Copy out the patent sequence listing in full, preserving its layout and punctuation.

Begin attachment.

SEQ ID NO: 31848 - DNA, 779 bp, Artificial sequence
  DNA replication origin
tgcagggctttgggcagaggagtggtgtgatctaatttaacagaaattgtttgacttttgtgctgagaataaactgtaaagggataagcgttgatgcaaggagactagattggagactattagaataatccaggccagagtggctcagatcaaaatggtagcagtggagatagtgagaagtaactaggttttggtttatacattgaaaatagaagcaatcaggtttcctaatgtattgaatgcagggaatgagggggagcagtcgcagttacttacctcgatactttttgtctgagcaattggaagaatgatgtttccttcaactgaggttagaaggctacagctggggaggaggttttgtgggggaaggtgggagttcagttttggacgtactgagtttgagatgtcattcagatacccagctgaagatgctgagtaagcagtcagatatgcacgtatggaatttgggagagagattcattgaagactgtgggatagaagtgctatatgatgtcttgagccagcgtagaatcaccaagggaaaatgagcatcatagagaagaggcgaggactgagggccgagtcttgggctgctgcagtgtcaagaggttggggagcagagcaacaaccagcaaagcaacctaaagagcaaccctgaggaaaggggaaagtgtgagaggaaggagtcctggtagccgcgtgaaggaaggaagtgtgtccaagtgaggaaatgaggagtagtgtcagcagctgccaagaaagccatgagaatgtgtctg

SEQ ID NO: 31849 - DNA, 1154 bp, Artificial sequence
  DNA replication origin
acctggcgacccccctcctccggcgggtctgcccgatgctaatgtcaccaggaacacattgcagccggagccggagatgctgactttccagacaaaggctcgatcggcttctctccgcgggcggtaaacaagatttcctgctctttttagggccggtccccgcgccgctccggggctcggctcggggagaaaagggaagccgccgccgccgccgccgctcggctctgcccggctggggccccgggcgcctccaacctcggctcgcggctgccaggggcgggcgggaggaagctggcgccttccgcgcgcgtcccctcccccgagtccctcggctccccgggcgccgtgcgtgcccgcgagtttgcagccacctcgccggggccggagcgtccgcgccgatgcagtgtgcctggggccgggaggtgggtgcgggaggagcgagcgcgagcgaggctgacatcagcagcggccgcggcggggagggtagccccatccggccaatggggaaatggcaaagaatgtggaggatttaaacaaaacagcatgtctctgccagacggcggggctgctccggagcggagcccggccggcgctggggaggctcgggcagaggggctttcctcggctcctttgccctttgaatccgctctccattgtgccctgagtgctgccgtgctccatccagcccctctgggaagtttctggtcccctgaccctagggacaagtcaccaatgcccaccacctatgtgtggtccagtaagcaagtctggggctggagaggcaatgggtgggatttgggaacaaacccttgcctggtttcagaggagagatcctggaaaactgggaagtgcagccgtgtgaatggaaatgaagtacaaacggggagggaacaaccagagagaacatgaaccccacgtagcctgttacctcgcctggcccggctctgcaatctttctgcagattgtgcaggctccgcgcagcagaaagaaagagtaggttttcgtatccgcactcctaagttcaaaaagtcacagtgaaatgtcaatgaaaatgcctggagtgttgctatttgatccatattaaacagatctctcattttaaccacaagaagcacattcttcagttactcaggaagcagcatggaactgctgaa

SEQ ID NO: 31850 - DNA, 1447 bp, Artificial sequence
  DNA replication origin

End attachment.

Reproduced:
SEQ ID NO: 31848 - DNA, 779 bp, Artificial sequence
  DNA replication origin
tgcagggctttgggcagaggagtggtgtgatctaatttaacagaaattgtttgacttttgtgctgagaataaactgtaaagggataagcgttgatgcaaggagactagattggagactattagaataatccaggccagagtggctcagatcaaaatggtagcagtggagatagtgagaagtaactaggttttggtttatacattgaaaatagaagcaatcaggtttcctaatgtattgaatgcagggaatgagggggagcagtcgcagttacttacctcgatactttttgtctgagcaattggaagaatgatgtttccttcaactgaggttagaaggctacagctggggaggaggttttgtgggggaaggtgggagttcagttttggacgtactgagtttgagatgtcattcagatacccagctgaagatgctgagtaagcagtcagatatgcacgtatggaatttgggagagagattcattgaagactgtgggatagaagtgctatatgatgtcttgagccagcgtagaatcaccaagggaaaatgagcatcatagagaagaggcgaggactgagggccgagtcttgggctgctgcagtgtcaagaggttggggagcagagcaacaaccagcaaagcaacctaaagagcaaccctgaggaaaggggaaagtgtgagaggaaggagtcctggtagccgcgtgaaggaaggaagtgtgtccaagtgaggaaatgaggagtagtgtcagcagctgccaagaaagccatgagaatgtgtctg

SEQ ID NO: 31849 - DNA, 1154 bp, Artificial sequence
  DNA replication origin
acctggcgacccccctcctccggcgggtctgcccgatgctaatgtcaccaggaacacattgcagccggagccggagatgctgactttccagacaaaggctcgatcggcttctctccgcgggcggtaaacaagatttcctgctctttttagggccggtccccgcgccgctccggggctcggctcggggagaaaagggaagccgccgccgccgccgccgctcggctctgcccggctggggccccgggcgcctccaacctcggctcgcggctgccaggggcgggcgggaggaagctggcgccttccgcgcgcgtcccctcccccgagtccctcggctccccgggcgccgtgcgtgcccgcgagtttgcagccacctcgccggggccggagcgtccgcgccgatgcagtgtgcctggggccgggaggtgggtgcgggaggagcgagcgcgagcgaggctgacatcagcagcggccgcggcggggagggtagccccatccggccaatggggaaatggcaaagaatgtggaggatttaaacaaaacagcatgtctctgccagacggcggggctgctccggagcggagcccggccggcgctggggaggctcgggcagaggggctttcctcggctcctttgccctttgaatccgctctccattgtgccctgagtgctgccgtgctccatccagcccctctgggaagtttctggtcccctgaccctagggacaagtcaccaatgcccaccacctatgtgtggtccagtaagcaagtctggggctggagaggcaatgggtgggatttgggaacaaacccttgcctggtttcagaggagagatcctggaaaactgggaagtgcagccgtgtgaatggaaatgaagtacaaacggggagggaacaaccagagagaacatgaaccccacgtagcctgttacctcgcctggcccggctctgcaatctttctgcagattgtgcaggctccgcgcagcagaaagaaagagtaggttttcgtatccgcactcctaagttcaaaaagtcacagtgaaatgtcaatgaaaatgcctggagtgttgctatttgatccatattaaacagatctctcattttaaccacaagaagcacattcttcagttactcaggaagcagcatggaactgctgaa

SEQ ID NO: 31850 - DNA, 1447 bp, Artificial sequence
  DNA replication origin